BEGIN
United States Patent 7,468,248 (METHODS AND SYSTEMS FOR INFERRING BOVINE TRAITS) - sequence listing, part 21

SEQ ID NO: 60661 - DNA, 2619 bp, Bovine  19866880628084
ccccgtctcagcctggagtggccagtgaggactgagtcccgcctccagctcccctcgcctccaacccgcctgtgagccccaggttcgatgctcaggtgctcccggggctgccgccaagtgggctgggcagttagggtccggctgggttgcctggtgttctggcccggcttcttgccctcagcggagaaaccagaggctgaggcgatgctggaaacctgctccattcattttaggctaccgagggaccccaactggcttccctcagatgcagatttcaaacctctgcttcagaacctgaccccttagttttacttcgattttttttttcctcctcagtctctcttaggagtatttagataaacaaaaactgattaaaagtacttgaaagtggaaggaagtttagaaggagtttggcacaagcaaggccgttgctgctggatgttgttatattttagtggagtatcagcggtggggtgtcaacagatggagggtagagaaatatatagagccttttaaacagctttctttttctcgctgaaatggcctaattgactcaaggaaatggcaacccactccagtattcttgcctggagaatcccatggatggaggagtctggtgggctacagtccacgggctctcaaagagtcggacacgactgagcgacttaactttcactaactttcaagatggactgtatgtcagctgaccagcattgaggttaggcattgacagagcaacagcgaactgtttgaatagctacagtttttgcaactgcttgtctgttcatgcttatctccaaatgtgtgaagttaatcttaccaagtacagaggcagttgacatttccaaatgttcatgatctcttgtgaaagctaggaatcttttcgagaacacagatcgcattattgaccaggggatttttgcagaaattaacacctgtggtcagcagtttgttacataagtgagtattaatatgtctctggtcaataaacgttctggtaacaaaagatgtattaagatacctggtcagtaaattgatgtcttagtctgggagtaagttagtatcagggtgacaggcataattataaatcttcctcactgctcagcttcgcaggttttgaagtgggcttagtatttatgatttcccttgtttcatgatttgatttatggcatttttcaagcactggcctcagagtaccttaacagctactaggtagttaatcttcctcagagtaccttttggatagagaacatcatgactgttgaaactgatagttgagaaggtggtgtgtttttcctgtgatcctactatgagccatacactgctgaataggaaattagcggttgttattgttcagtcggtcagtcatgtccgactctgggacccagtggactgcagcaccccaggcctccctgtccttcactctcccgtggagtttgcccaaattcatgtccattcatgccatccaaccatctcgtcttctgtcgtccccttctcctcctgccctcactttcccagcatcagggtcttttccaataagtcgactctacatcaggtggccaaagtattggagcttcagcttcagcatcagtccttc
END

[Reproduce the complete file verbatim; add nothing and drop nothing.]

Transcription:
United States Patent 7,468,248 (METHODS AND SYSTEMS FOR INFERRING BOVINE TRAITS) - sequence listing, part 21

SEQ ID NO: 60661 - DNA, 2619 bp, Bovine  19866880628084
ccccgtctcagcctggagtggccagtgaggactgagtcccgcctccagctcccctcgcctccaacccgcctgtgagccccaggttcgatgctcaggtgctcccggggctgccgccaagtgggctgggcagttagggtccggctgggttgcctggtgttctggcccggcttcttgccctcagcggagaaaccagaggctgaggcgatgctggaaacctgctccattcattttaggctaccgagggaccccaactggcttccctcagatgcagatttcaaacctctgcttcagaacctgaccccttagttttacttcgattttttttttcctcctcagtctctcttaggagtatttagataaacaaaaactgattaaaagtacttgaaagtggaaggaagtttagaaggagtttggcacaagcaaggccgttgctgctggatgttgttatattttagtggagtatcagcggtggggtgtcaacagatggagggtagagaaatatatagagccttttaaacagctttctttttctcgctgaaatggcctaattgactcaaggaaatggcaacccactccagtattcttgcctggagaatcccatggatggaggagtctggtgggctacagtccacgggctctcaaagagtcggacacgactgagcgacttaactttcactaactttcaagatggactgtatgtcagctgaccagcattgaggttaggcattgacagagcaacagcgaactgtttgaatagctacagtttttgcaactgcttgtctgttcatgcttatctccaaatgtgtgaagttaatcttaccaagtacagaggcagttgacatttccaaatgttcatgatctcttgtgaaagctaggaatcttttcgagaacacagatcgcattattgaccaggggatttttgcagaaattaacacctgtggtcagcagtttgttacataagtgagtattaatatgtctctggtcaataaacgttctggtaacaaaagatgtattaagatacctggtcagtaaattgatgtcttagtctgggagtaagttagtatcagggtgacaggcataattataaatcttcctcactgctcagcttcgcaggttttgaagtgggcttagtatttatgatttcccttgtttcatgatttgatttatggcatttttcaagcactggcctcagagtaccttaacagctactaggtagttaatcttcctcagagtaccttttggatagagaacatcatgactgttgaaactgatagttgagaaggtggtgtgtttttcctgtgatcctactatgagccatacactgctgaataggaaattagcggttgttattgttcagtcggtcagtcatgtccgactctgggacccagtggactgcagcaccccaggcctccctgtccttcactctcccgtggagtttgcccaaattcatgtccattcatgccatccaaccatctcgtcttctgtcgtccccttctcctcctgccctcactttcccagcatcagggtcttttccaataagtcgactctacatcaggtggccaaagtattggagcttcagcttcagcatcagtccttc